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Servicemembers, current and retired, renew push to rename the USS John C. Stennis


The USS John C. Stennis is named after a longtime Mississippi senator and segregationist. Nicknamed Johnny Reb, the aircraft carrier is undergoing maintenance in Virginia, where critics want it renamed. Here's Steve Walsh from member station WHRO.

STEVE WALSH, BYLINE: Keith Green, a retired Navy lieutenant commander, has led the effort to rename the aircraft carrier.

KEITH GREEN: It's not this nebulous, overall widespread discrimination. It is having to serve on a ship named for a racist and a segregationist, and that's something the Navy can do something about.

WALSH: John C. Stennis was the longest-serving senator from Mississippi. In office from 1947 to 1989, he earned the title father of the modern Navy, voting to approve nuclear aircraft carriers and subs. Stennis was also an ardent segregationist. He fought everything from the Voting Rights Act to creating a national holiday to honor Dr. Martin Luther King, Jr. Stennis also fought to keep the Navy segregated after President Harry Truman integrated the military in 1948. John Cordle is a retired captain.

JOHN CORDLE: We found letters talking about I support a 100% white units.

WALSH: Cordle found a 1955 letter responding to a constituent where Stennis says, in my years of service here, I have consistently and continually stressed the very point you mention - that our boys have the chance to serve in all-white units.

CORDLE: What would that look like if we applied that mentality to the Navy today? You'd have a ship that was not integrated.

WALSH: Cordle says the Navy still struggles with the lack of Black officers at the highest ranks. Congress plays a major role in sponsoring cadets to the Naval Academy. Until 1968, lawmakers from the 11 former Confederate states did not sponsor a single African American to any of the service academies. Retired Marine Major General Leo Williams III graduated from the Naval Academy in 1970.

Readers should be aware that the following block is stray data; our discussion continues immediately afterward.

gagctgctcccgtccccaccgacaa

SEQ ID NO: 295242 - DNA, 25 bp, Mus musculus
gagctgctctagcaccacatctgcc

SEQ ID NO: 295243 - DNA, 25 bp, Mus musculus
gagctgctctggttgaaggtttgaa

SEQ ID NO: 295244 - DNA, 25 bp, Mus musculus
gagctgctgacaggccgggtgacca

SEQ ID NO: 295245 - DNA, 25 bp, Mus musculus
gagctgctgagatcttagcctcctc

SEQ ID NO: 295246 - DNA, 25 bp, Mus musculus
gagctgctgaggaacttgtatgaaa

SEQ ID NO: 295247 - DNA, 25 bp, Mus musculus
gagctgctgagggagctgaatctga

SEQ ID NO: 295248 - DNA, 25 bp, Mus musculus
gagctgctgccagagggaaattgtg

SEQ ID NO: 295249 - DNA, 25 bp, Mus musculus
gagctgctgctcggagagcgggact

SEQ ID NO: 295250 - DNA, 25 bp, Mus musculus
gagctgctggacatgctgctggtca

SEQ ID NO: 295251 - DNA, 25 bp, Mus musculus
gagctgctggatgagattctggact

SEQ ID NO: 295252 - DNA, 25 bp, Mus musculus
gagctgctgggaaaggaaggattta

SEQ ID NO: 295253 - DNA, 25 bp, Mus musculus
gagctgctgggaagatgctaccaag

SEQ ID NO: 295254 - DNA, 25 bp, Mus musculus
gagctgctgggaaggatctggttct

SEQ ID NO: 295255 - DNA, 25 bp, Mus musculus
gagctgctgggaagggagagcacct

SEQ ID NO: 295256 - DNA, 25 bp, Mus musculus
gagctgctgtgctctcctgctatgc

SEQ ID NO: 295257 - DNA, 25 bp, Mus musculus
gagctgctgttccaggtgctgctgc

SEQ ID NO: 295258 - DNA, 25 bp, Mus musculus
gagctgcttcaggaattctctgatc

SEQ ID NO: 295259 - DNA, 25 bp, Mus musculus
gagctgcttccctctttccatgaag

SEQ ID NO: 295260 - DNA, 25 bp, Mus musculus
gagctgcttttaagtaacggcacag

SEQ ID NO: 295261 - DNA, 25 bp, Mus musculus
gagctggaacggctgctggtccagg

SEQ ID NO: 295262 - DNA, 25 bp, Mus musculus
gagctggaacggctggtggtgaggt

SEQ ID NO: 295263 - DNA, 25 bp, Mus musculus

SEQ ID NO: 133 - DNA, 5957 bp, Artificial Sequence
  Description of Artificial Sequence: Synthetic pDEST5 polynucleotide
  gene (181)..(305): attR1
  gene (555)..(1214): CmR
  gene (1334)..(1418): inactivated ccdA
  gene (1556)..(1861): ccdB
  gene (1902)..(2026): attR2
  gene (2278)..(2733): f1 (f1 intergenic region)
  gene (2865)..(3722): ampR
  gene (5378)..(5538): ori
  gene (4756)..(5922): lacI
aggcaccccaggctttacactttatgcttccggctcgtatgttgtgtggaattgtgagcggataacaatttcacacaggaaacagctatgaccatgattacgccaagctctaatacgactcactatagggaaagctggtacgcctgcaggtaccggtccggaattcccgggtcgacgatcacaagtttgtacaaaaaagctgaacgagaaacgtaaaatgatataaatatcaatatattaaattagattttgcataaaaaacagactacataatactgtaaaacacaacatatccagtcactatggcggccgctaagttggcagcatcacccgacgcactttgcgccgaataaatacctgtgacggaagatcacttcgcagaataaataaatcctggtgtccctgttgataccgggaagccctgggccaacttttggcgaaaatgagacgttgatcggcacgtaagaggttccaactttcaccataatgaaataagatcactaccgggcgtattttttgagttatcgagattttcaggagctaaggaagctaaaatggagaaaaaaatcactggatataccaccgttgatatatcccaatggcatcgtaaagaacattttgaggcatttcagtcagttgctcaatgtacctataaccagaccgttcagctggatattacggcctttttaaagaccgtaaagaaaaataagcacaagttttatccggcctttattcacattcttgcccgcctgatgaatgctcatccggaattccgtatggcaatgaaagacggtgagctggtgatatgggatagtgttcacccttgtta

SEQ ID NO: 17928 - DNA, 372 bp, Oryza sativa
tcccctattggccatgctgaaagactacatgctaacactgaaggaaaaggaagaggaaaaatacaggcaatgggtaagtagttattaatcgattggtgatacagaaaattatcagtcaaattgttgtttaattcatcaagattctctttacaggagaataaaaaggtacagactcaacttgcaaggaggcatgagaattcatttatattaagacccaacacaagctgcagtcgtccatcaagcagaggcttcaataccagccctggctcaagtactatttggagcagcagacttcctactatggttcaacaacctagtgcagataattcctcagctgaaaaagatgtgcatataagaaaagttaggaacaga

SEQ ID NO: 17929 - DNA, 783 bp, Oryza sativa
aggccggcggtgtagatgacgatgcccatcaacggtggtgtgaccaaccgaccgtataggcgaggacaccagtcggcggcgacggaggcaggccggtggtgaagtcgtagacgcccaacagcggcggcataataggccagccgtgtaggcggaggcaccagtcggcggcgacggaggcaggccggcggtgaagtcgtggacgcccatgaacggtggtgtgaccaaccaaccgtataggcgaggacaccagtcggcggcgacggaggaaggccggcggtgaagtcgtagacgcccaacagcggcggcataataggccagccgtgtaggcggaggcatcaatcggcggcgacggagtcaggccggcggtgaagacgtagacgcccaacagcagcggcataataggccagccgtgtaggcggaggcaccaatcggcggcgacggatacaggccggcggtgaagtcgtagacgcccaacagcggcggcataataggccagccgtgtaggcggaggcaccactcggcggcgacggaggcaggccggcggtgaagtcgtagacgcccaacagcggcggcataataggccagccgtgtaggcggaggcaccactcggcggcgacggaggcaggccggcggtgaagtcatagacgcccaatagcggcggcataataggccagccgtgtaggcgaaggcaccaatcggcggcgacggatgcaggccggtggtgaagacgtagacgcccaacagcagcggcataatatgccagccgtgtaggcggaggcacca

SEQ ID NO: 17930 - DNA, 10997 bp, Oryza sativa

LEO WILLIAMS III: At which time I became the first Black graduate from Virginia for the Naval Academy.

WALSH: He was born in Norfolk, but he sought out a congressman from Detroit after his application was rejected by Virginia's congressional delegation. He says Stennis held back a generation of Black leaders.

WILLIAMS: He stood in the way of giving an opportunity to a huge potential number of folks who wanted to serve and were not given the opportunity simply because of his bigotry.

WALSH: Calvin Hicks, Jr. was on the Stennis' maiden deployment when it left Norfolk in 1998. His family met him pier side when the ship arrived in San Diego. His grandfather served in the segregated Navy. His father saw Confederate flags flown in Vietnam. When they were offered T-shirts and hats with the Stennis name, they recoiled.

CALVIN HICKS JR: We're here to see you, but I can't wear that T-shirt or that hat. And I totally understood it. You know, I was required to, but they were like, yeah, you're on it, but I'm not wearing anything with that man's namesake on it.

WALSH: Hicks says it's unfair that generations of sailors receive a sanitized version of what Stennis meant to the Navy. Renaming the Stennis came up in 2021 in the wake of a congressional mandate to look at bases and ships honoring the Confederacy. Brian Sue is serving on the Stennis while it's in the yard in Virginia. He wants to see the ship renamed.

BRIAN SUE: It would be disappointing if nothing happens of this, 'cause certainly there are still people who care.

WALSH: Sue hasn't heard the old nickname Johnny Reb. The Navy didn't comment on a possible name change. Next year, the Stennis is scheduled to leave the shipyard at Newport News for the second half of its 50-year life. For NPR News, I'm Steve Walsh in Norfolk. Transcript provided by NPR, Copyright NPR.

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Steve Walsh / WHRO